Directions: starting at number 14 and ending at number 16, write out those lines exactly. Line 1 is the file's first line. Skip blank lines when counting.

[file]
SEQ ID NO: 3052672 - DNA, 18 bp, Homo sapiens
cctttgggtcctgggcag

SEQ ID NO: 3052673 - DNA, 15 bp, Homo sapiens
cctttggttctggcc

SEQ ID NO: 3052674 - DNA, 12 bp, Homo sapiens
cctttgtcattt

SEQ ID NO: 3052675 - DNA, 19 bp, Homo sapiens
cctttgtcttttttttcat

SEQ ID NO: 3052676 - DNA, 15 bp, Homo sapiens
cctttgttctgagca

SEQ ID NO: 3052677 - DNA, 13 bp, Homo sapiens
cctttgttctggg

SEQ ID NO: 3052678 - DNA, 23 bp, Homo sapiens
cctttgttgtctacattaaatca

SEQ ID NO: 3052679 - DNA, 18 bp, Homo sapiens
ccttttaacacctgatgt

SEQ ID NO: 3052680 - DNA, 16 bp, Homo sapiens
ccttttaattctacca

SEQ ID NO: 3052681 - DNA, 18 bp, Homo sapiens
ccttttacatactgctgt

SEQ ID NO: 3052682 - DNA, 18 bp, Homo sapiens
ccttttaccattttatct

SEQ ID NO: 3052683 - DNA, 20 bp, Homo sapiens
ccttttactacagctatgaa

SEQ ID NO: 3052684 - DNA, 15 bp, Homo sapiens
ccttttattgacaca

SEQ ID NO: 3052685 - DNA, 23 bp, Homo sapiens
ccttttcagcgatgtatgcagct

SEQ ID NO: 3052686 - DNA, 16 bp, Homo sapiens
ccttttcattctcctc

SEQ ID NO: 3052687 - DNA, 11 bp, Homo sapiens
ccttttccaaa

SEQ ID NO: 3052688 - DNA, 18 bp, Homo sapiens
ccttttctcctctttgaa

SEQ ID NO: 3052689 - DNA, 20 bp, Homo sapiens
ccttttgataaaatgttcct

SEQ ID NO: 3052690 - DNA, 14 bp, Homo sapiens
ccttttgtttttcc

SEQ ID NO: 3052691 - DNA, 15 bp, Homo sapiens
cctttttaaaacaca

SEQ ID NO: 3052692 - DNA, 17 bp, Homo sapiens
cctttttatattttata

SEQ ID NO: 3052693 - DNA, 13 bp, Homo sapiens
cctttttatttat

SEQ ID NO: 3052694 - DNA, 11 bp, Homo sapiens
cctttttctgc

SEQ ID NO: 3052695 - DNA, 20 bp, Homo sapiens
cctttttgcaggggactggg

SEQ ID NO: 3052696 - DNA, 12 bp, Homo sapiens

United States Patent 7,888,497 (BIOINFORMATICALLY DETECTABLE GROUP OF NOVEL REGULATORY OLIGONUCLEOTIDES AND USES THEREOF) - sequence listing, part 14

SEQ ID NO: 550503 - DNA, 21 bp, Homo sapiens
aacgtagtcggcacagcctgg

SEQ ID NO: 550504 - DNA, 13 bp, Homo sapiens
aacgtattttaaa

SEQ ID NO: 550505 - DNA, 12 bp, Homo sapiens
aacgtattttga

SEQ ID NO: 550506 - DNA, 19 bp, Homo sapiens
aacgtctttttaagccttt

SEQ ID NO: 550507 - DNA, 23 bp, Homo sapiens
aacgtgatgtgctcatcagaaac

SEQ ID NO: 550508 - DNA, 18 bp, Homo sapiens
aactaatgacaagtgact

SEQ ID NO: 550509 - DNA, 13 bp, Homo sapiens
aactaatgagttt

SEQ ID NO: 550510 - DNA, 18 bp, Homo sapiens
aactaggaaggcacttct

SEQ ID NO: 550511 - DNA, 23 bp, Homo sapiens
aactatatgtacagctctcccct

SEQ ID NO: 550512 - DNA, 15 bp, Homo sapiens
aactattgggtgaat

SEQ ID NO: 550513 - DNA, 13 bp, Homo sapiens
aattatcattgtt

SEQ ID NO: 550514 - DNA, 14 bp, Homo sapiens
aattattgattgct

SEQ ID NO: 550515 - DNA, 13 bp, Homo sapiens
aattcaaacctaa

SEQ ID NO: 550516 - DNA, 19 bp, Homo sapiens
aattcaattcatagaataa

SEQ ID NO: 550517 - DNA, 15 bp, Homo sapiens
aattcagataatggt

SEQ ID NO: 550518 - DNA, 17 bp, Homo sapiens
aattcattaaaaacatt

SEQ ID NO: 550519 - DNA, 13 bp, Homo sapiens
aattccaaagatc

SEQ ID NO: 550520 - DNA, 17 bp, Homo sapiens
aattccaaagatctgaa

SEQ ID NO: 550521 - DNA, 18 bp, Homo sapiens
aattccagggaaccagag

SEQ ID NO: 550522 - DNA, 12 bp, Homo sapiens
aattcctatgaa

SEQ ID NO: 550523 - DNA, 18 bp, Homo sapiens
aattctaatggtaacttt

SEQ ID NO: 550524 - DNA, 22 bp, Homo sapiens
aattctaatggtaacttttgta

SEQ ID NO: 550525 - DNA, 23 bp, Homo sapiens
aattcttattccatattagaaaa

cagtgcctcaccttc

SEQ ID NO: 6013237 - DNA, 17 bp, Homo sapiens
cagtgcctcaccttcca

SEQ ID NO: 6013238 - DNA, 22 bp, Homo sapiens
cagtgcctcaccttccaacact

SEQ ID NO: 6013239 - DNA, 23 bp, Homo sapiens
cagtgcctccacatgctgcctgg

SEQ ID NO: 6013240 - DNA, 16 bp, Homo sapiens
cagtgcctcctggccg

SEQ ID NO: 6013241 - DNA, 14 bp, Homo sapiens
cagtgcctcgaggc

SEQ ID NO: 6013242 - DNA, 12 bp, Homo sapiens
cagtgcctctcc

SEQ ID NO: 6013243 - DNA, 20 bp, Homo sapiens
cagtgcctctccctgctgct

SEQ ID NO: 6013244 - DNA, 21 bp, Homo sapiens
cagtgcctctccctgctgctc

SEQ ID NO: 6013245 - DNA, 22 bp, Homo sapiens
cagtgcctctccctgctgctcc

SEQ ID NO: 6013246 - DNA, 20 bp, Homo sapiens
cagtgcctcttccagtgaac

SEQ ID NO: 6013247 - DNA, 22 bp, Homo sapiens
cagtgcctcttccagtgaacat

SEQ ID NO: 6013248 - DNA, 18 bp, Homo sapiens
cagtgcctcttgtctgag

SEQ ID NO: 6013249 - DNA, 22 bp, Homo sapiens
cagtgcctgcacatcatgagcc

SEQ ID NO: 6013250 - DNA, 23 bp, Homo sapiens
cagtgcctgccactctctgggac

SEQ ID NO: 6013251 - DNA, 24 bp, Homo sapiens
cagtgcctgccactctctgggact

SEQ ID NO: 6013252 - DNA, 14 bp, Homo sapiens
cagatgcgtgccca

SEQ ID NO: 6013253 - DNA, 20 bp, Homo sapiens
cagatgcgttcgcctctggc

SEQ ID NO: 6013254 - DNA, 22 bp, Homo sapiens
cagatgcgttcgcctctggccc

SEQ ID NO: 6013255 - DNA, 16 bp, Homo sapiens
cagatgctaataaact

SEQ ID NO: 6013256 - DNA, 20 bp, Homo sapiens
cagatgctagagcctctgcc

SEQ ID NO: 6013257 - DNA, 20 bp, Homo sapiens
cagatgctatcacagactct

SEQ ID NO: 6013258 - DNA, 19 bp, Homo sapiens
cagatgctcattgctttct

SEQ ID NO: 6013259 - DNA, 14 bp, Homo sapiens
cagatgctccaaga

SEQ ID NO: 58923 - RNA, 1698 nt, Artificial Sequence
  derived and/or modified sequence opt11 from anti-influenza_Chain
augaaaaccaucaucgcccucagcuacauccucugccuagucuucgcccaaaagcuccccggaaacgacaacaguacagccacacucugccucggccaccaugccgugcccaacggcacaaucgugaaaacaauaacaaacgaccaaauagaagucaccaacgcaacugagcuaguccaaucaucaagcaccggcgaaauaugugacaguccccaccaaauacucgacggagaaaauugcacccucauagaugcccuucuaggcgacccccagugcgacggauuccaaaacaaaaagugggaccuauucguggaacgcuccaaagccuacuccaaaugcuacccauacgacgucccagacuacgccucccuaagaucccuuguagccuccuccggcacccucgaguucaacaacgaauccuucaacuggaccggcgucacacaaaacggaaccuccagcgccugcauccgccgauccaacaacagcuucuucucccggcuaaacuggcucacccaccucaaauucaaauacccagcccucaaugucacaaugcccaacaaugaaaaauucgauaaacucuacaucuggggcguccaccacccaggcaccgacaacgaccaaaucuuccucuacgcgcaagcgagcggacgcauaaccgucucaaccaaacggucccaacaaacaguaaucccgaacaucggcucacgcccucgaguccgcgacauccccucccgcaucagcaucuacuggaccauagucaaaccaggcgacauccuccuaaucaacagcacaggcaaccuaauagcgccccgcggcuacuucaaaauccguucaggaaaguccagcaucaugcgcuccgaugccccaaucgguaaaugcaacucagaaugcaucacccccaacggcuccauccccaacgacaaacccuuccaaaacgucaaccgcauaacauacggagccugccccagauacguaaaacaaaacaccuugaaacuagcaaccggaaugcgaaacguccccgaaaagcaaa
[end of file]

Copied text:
cctttgttgtctacattaaatca

SEQ ID NO: 3052679 - DNA, 18 bp, Homo sapiens
ccttttaacacctgatgt